Having your first cuddle with your baby is one of the most emotional moments in any parents’ life, but for some it does not always come as soon as they had hoped.
For babies that are born early or with other complications it is often not possible for their mum or dad to hold them for several days, or sometimes even weeks.
This year Nottingham University Hospitals Charity paid for my colleague Judith Stephenson and I to travel to a hospital in Uppsala, Sweden to watch how neonatal nurses there work. Premature babies have a much higher survival rate in their country and we wanted to find out why. In particular, we were looking at how they use something called ‘Kangaroo Care’.
The concept originated in Colombia, where hospitals could not afford equipment like incubators. It involves the baby being placed on a parent’s bare chest wearing only a nappy for long periods of time. Babies stay there for as long as possible – sometimes up to 14 hours - and research has shown it helps to regulate their temperature, improves their oxygen levels and stabilises their heart rate. It also helps with breast-feeding as it improves the mum’s production of milk.
In the UK and Europe we are fortunate to have so much advanced technology that it is often easy to become over-reliant on it. Kangaroo Care is one of the most basic forms of care possible, yet hospitals here do not use it as much as they could. There is a fear that ill babies should not be taken out of incubators but it is possible to use this method on some of the tiniest babies, even if they still need feeding tubes and ventilation.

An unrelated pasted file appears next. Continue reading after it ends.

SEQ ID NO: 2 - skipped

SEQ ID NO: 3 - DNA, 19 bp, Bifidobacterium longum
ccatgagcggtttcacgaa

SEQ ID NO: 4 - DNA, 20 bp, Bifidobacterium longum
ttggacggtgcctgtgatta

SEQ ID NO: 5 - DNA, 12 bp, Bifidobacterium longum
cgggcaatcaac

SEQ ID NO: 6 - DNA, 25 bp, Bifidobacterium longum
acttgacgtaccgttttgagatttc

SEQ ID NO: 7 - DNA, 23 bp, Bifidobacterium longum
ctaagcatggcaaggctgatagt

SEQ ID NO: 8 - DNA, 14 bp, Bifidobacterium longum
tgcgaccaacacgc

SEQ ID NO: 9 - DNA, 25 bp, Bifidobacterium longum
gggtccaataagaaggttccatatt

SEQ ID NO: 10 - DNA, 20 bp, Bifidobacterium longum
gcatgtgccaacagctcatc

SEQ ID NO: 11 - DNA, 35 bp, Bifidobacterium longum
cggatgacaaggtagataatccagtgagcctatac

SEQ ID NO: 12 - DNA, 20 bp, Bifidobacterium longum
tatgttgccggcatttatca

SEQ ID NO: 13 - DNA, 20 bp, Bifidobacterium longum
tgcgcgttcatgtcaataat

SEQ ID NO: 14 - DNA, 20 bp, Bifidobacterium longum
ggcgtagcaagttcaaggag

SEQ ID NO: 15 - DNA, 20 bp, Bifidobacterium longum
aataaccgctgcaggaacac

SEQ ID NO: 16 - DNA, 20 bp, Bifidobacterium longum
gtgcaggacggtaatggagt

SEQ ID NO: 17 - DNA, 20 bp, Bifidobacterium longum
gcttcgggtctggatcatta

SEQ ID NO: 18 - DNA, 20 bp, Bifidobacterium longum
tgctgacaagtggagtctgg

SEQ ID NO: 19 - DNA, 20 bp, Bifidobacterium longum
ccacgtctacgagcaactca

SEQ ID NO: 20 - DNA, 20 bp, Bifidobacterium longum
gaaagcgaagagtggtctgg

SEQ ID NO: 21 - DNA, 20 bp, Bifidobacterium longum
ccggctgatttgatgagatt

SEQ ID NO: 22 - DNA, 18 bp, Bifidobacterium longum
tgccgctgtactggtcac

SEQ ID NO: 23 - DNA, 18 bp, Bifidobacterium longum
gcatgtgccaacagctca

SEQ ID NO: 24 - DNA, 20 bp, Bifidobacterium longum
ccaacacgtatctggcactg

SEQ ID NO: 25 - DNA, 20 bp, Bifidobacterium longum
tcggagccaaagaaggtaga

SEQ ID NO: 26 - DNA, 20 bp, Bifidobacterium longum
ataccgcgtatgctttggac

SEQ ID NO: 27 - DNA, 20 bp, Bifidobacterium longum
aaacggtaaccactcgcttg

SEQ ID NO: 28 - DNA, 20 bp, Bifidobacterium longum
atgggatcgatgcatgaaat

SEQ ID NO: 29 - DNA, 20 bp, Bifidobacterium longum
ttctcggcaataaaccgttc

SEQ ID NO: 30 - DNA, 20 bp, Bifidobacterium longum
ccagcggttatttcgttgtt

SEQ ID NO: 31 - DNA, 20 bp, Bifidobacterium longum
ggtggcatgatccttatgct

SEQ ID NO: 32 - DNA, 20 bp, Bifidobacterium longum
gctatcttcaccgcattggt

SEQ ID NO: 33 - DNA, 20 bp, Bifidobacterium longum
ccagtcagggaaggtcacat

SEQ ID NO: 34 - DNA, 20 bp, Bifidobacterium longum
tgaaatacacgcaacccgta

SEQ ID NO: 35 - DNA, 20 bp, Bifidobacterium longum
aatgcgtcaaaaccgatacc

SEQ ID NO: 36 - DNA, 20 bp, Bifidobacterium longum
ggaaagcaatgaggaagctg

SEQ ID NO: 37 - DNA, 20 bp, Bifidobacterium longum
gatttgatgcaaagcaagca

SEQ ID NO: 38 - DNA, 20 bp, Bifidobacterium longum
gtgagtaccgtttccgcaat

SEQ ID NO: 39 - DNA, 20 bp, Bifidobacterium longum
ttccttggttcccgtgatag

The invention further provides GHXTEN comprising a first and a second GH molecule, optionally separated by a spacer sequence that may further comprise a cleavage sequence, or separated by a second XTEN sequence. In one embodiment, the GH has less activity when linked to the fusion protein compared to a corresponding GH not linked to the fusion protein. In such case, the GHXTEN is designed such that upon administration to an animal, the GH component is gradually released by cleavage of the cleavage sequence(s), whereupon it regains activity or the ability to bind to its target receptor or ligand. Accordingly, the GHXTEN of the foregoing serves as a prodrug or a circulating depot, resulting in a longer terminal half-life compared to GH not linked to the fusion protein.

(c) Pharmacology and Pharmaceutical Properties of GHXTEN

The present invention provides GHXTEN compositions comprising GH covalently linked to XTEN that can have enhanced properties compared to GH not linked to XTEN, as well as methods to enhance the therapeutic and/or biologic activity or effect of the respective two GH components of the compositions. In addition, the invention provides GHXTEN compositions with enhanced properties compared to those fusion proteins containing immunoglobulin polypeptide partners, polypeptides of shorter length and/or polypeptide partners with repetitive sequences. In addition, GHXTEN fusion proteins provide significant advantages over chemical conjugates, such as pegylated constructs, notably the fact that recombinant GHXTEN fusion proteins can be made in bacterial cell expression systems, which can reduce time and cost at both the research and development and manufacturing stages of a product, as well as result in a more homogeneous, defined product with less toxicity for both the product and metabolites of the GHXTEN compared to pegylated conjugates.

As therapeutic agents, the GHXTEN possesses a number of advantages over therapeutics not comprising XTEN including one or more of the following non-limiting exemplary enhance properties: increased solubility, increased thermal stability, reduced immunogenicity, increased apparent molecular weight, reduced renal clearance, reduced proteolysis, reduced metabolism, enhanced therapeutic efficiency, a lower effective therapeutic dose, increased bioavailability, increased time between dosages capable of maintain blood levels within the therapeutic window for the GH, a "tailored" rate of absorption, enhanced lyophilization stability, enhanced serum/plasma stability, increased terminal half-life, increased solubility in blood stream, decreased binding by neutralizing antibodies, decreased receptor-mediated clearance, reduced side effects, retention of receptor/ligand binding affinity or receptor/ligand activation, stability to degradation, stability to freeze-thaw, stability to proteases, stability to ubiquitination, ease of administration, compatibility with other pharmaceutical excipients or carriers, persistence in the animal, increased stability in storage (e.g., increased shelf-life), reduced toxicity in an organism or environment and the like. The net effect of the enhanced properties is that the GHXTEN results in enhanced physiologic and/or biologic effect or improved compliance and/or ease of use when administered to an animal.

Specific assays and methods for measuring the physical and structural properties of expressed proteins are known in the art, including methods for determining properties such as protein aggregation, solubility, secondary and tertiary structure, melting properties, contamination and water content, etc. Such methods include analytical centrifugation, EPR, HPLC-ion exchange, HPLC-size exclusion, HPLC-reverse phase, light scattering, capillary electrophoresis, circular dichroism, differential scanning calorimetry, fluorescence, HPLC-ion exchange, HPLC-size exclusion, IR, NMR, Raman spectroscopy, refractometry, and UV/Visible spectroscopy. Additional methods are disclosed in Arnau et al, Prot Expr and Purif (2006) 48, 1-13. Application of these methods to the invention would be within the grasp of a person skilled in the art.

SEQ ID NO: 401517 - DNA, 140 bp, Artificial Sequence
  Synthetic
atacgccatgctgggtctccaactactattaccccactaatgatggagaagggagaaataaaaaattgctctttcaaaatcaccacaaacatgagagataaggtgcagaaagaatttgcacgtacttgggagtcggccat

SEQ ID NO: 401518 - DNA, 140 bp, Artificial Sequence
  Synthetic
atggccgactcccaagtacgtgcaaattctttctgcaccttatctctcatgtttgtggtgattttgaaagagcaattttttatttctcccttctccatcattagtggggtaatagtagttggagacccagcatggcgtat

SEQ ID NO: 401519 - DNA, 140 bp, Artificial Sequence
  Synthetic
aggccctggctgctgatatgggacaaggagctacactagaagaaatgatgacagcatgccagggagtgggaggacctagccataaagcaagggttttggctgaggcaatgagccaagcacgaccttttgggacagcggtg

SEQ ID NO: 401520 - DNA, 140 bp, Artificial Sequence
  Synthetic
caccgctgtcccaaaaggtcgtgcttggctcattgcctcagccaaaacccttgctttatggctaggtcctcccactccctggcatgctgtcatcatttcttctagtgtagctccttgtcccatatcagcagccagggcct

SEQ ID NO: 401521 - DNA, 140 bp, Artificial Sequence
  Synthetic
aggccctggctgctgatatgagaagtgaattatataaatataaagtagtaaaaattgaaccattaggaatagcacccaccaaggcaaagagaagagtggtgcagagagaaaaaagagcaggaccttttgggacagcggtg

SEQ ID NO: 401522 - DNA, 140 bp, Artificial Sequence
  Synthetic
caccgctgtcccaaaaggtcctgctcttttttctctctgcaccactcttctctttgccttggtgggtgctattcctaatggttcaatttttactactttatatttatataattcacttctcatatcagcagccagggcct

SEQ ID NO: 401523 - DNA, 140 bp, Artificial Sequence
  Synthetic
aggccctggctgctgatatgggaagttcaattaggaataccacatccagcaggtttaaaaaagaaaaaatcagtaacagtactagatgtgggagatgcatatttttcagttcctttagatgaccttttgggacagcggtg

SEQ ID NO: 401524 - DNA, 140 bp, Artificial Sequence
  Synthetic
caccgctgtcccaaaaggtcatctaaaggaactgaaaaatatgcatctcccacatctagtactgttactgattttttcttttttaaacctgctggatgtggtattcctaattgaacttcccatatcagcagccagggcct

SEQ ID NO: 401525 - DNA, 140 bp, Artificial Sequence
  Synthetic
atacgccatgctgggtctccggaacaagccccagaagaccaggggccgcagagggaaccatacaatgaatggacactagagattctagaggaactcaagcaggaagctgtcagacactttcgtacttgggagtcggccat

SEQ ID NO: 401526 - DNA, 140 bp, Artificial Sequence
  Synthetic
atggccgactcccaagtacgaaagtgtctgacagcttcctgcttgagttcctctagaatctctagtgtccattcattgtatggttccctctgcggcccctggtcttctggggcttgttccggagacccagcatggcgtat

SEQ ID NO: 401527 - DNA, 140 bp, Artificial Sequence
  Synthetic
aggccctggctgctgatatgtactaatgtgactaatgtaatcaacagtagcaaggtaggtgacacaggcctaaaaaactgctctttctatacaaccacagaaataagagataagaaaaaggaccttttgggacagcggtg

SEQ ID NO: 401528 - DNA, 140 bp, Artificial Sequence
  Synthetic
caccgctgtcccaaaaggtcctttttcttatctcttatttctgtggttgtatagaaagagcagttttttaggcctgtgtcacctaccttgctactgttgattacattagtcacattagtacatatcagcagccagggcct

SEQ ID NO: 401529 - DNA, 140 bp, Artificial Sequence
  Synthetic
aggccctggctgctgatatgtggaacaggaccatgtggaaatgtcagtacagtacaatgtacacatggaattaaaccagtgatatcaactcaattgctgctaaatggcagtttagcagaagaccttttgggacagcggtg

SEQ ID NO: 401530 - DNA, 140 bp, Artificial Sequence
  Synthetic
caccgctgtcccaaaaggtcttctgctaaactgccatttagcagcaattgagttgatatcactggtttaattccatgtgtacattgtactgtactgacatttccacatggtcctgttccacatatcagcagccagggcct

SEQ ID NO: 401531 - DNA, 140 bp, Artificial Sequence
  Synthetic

One of the scariest things for new parents who have premature babies is the lack of control, but Kangaroo Care puts them back in the driving seat. Who better to help improve the health of a new baby than the mums and dads themselves?
Following our visit we have introduced more training for staff at NUH about Kangaroo Care and have produced official guidelines for them to refer to. We are also looking in to getting some special shirts developed for mums to wear, which help to free up their hands while they have their babies on them and preserve their dignity.We still have a long way to go before the method is as accepted in the UK as it is in Sweden, but the benefits cannot be underestimated.